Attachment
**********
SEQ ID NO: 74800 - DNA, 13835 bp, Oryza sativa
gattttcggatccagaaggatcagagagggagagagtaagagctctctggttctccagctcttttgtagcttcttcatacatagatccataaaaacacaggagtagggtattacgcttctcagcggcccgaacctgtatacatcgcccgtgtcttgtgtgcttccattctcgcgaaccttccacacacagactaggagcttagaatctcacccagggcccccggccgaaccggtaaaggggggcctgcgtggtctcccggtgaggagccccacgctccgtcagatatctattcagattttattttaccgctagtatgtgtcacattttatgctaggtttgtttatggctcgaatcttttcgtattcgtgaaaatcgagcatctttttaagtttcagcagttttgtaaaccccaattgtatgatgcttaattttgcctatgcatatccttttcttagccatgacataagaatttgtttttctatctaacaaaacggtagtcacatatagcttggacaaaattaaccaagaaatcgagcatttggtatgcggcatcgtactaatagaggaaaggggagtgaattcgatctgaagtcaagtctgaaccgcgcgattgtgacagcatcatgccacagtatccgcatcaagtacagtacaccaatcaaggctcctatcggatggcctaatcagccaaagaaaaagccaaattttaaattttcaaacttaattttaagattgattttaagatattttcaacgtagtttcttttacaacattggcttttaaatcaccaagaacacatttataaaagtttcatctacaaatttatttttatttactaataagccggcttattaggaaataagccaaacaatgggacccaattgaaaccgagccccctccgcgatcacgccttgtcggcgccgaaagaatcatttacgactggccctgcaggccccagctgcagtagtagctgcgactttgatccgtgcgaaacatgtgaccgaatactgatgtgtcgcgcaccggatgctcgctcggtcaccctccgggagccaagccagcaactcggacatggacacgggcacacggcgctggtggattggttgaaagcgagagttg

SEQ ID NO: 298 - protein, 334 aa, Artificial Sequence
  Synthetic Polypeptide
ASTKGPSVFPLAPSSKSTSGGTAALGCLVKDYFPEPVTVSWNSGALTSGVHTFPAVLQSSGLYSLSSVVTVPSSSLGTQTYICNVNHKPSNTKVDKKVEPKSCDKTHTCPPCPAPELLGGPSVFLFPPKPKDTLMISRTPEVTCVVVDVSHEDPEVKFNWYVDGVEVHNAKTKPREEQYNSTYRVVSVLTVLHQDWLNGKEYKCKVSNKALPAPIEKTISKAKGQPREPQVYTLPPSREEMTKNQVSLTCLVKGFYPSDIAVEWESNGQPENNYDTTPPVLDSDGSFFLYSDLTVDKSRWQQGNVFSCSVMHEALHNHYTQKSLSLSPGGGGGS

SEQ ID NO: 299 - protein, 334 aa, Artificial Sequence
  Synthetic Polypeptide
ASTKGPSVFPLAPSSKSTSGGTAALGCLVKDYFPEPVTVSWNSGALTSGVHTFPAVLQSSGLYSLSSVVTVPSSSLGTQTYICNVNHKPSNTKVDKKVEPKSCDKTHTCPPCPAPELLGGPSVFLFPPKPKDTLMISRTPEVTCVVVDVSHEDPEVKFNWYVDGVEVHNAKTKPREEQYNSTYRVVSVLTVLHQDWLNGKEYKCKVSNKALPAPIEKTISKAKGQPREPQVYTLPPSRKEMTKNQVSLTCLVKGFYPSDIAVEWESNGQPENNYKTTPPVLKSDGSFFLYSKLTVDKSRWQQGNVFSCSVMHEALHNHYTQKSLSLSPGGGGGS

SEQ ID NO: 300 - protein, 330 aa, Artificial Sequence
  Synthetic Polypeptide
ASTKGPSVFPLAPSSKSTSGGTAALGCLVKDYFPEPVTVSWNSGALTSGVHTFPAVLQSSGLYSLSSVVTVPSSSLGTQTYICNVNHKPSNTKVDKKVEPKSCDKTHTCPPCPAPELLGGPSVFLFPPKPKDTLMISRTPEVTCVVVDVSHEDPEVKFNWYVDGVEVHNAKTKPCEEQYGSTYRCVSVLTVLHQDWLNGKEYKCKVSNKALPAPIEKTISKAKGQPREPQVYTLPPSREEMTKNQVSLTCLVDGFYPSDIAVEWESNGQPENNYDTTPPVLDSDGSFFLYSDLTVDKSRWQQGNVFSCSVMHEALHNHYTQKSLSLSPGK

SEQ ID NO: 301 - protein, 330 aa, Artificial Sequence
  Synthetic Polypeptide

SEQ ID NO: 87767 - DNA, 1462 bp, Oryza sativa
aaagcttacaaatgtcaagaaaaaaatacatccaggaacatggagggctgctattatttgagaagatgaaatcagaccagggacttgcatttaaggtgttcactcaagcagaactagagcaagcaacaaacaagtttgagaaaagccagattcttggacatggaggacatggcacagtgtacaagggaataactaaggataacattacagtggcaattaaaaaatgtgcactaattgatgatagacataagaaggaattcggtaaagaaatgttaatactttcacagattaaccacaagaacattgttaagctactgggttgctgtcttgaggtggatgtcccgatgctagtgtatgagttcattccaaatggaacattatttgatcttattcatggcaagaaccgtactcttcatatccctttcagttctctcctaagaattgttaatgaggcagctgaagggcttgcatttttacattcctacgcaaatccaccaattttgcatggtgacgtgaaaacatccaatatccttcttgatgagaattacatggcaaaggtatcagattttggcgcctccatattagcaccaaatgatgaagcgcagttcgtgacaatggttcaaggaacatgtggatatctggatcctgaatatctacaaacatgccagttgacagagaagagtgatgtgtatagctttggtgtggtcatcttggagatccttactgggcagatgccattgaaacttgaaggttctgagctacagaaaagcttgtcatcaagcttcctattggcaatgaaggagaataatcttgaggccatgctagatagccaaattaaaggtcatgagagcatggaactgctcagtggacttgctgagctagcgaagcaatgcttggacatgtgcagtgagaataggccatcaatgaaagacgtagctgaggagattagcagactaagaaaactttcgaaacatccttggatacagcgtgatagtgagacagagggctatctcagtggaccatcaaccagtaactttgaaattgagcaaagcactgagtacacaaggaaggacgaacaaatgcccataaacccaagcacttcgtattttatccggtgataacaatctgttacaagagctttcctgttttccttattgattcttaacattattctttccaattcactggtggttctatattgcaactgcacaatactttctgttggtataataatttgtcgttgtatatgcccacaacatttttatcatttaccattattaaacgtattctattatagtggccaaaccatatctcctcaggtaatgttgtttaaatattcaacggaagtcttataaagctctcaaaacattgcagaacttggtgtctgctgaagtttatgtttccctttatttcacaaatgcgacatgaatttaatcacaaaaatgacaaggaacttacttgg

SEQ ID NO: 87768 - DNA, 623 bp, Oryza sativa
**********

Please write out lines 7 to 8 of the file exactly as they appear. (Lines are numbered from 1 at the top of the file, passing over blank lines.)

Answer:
  Synthetic Polypeptide
ASTKGPSVFPLAPSSKSTSGGTAALGCLVKDYFPEPVTVSWNSGALTSGVHTFPAVLQSSGLYSLSSVVTVPSSSLGTQTYICNVNHKPSNTKVDKKVEPKSCDKTHTCPPCPAPELLGGPSVFLFPPKPKDTLMISRTPEVTCVVVDVSHEDPEVKFNWYVDGVEVHNAKTKPREEQYNSTYRVVSVLTVLHQDWLNGKEYKCKVSNKALPAPIEKTISKAKGQPREPQVYTLPPSRKEMTKNQVSLTCLVKGFYPSDIAVEWESNGQPENNYKTTPPVLKSDGSFFLYSKLTVDKSRWQQGNVFSCSVMHEALHNHYTQKSLSLSPGGGGGS